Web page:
Don’t be cute. Do not suggest that growth is more important than inflation. The bond market will instantly interpret any proposals to confine the Fed as preliminary to easy money and inflation. Threaten bond traders by tweet or carrier pigeon, and they will beat you senseless.
The outside world
Shift to the outside world, where Trump’s elevation has changed nothing economic.
The European Central Bank (ECB), in a murky announcement on Thursday, said it would taper QE (quantitative easing) but not taper QE.
In rough translation, the ECB, like the Bank of Japan, will allow long-term yields to rise a little (part of the reason ours have risen) and push short-term yields to deeper negative.
Driving down long-term yields did not get the economic bang that central banks had hoped, although of course they know that higher ones will hurt.
However, the absence of spread between short and long rates was slowly destroying insurance companies and banks, hence the need to engineer some steepening in the short-long spread. The ECB will be easier than ever, just by different means.
Which leaves the Fed raising rates while the rest of the world is still easing, with powerful consequences for the dollar, emerging nations, China — and possibly a temptation to Elect and his minions next week. Tweet on, Oh Ship of State!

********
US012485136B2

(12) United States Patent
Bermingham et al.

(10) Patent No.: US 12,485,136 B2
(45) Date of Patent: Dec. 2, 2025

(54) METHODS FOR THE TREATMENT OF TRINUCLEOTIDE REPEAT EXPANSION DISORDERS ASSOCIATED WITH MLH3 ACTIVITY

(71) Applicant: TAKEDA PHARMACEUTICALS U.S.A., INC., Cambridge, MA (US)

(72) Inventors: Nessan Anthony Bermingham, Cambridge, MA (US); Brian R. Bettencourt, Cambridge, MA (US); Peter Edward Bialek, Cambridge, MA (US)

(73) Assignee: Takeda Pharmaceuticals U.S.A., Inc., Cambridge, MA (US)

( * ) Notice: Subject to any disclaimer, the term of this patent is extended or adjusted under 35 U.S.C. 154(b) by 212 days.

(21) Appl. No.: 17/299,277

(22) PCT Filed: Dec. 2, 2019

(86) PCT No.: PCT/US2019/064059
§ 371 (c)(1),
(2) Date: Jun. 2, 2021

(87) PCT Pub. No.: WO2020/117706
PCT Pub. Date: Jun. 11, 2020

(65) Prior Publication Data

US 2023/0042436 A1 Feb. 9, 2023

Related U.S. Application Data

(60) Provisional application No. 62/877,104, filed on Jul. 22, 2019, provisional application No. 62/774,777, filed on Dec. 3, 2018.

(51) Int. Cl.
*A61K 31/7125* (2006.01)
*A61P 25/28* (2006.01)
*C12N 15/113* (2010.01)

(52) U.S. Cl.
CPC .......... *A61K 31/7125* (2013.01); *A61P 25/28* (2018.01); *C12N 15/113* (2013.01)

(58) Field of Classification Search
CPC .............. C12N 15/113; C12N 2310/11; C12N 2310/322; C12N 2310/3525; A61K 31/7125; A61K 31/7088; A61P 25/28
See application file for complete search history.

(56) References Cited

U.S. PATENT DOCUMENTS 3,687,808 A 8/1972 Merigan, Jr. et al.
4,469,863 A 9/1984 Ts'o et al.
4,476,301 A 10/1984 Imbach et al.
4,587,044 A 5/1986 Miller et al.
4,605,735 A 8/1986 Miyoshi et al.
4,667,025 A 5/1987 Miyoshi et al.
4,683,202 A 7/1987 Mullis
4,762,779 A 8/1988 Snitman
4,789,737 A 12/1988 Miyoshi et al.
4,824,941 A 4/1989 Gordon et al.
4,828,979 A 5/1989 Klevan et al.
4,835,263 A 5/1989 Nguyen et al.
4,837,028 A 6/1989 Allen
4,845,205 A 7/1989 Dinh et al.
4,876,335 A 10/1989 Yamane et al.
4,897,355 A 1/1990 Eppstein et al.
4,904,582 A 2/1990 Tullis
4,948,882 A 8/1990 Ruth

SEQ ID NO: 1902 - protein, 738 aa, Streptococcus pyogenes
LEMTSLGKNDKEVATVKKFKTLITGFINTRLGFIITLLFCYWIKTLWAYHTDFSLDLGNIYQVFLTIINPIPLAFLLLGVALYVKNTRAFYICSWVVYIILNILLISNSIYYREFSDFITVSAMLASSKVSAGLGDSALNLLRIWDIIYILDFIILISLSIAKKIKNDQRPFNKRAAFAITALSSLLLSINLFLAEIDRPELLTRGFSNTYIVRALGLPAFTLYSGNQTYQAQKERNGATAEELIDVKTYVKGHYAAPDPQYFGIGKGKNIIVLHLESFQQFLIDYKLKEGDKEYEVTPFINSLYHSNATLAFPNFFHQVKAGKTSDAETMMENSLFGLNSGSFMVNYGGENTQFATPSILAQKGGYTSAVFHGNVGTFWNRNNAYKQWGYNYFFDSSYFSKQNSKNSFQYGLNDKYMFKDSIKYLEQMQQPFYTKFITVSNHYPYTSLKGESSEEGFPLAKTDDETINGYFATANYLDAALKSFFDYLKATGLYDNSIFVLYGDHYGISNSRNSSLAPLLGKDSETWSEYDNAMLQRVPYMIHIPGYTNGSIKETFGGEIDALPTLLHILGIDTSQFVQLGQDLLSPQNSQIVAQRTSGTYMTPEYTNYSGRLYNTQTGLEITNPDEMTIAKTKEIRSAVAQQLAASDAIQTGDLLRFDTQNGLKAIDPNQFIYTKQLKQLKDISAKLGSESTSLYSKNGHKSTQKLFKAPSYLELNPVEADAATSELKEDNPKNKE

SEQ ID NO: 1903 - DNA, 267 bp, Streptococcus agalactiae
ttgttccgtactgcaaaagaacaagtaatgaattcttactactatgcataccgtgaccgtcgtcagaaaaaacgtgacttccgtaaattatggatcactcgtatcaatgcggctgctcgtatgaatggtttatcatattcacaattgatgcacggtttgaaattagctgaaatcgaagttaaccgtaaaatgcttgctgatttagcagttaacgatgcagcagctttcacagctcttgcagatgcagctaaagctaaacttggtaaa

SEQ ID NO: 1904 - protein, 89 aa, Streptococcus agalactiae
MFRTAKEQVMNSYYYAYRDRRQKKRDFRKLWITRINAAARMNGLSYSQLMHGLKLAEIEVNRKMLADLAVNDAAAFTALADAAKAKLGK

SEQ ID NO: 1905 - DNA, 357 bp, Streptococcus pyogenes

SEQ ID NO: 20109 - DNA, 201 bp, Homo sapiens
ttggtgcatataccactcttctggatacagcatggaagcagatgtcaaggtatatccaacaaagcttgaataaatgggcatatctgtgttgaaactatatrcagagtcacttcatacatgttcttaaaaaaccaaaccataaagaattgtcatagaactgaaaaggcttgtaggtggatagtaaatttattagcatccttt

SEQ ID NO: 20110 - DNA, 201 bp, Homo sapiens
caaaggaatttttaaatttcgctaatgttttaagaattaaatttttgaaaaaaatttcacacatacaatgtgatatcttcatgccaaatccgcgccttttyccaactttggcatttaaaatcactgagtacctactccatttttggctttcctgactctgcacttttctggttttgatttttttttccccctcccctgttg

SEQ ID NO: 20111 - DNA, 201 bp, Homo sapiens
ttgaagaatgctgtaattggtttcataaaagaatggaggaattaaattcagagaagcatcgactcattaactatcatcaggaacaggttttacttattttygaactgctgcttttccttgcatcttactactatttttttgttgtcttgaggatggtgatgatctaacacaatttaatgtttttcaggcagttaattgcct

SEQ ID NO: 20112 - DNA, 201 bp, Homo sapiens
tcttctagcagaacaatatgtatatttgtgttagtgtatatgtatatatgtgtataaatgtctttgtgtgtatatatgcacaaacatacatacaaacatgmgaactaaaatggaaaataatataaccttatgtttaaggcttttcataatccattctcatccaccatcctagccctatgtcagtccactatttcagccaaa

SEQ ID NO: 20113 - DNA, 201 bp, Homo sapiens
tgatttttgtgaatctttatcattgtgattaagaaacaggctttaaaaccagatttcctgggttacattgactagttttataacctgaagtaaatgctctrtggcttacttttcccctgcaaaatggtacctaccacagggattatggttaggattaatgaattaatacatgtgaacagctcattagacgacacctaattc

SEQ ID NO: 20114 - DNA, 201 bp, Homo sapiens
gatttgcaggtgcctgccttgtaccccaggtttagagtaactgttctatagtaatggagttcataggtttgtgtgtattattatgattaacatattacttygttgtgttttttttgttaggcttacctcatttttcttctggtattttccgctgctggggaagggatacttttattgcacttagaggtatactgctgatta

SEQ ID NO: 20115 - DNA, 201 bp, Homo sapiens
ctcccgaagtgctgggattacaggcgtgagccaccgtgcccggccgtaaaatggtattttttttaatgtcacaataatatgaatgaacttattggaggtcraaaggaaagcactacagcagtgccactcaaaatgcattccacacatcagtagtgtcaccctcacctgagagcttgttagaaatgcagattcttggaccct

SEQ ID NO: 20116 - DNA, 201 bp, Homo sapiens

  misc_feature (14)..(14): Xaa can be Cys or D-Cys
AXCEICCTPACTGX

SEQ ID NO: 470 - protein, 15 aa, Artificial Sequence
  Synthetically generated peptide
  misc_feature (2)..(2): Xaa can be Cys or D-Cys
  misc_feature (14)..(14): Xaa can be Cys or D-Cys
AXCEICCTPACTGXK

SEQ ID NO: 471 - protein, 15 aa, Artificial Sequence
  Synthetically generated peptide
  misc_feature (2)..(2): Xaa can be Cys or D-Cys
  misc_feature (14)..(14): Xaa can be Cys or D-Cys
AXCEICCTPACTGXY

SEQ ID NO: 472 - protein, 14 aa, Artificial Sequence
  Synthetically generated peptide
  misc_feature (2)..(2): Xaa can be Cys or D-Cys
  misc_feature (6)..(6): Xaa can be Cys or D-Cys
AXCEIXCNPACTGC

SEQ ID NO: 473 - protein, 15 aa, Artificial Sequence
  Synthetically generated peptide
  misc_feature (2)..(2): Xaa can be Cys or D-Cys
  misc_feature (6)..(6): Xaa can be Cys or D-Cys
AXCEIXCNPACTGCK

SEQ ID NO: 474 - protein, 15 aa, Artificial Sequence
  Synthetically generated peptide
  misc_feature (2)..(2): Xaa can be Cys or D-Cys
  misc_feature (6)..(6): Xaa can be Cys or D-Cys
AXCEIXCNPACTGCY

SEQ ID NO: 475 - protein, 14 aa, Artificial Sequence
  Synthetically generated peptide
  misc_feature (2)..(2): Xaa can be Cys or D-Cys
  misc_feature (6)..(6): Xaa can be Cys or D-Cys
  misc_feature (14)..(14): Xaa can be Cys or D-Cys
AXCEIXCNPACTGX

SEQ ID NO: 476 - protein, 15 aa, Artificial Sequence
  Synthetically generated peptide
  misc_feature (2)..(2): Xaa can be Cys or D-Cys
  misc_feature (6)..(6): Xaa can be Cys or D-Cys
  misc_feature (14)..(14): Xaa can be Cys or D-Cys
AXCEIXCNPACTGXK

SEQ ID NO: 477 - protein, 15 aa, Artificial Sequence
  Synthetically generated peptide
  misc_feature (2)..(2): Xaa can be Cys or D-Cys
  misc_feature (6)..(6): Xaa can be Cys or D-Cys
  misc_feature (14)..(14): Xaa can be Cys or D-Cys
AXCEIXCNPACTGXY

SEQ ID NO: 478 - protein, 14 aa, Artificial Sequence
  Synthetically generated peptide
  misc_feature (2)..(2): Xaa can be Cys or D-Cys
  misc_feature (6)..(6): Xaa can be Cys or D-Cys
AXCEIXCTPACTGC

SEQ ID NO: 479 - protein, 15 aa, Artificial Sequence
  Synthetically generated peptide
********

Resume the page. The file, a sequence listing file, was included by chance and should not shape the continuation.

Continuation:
This week’s data
Of all the election data and analysis, this one from the Brookings Institute takes the prize. I hear a lot of Trump-gloating, more than after any election in memory (and correspondingly unprecedented fear among Democrats).
One aspect is centered on the vast national red-scape on national maps. I am a forthright believer in the electoral college, and have no objection to any candidate’s electoral victory yet a popular-vote minority. The analysis in this piece goes a long way to explain the frustration (and fear) among the majorities in red counties, and the sense of two Americas, blue islands floating in a sea of red.
This analysis should not be used for counter-gloating (as the authors seem to have intended) — its purpose should only illustrate the growing economic gap between red and blue counties, and probably a cultural counterpart. (With thanks to expert Realtors Mike Malec and Paul Dart.)
The 10-year T-note five years back, more likely coiling for the next move up than about to retreat. For retreat we’ll need some lousy economic news. Break 2.50 percent going up, and we’ll begin a test of the 3.00 percent tops in 2013-2014.
The 2-year T-note, the great Fed-indicator. Note the spread to 10s widening — watch that spread next week, after the Fed tightens, to see if it closes. The traditional warning to the Fed that it’s headed for too-tight is a 2s-10s spread which narrows and finally tips upside down. Chart is also five years back.
The Atlanta Fed GDP (gross domestic product) tracker. The U.S. economy is enjoying some acceleration, from 2 percent-ish to perhaps 2.5 percent.
Lou Barnes is a mortgage broker based in Boulder, Colorado. He can be reached at firstname.lastname@example.org.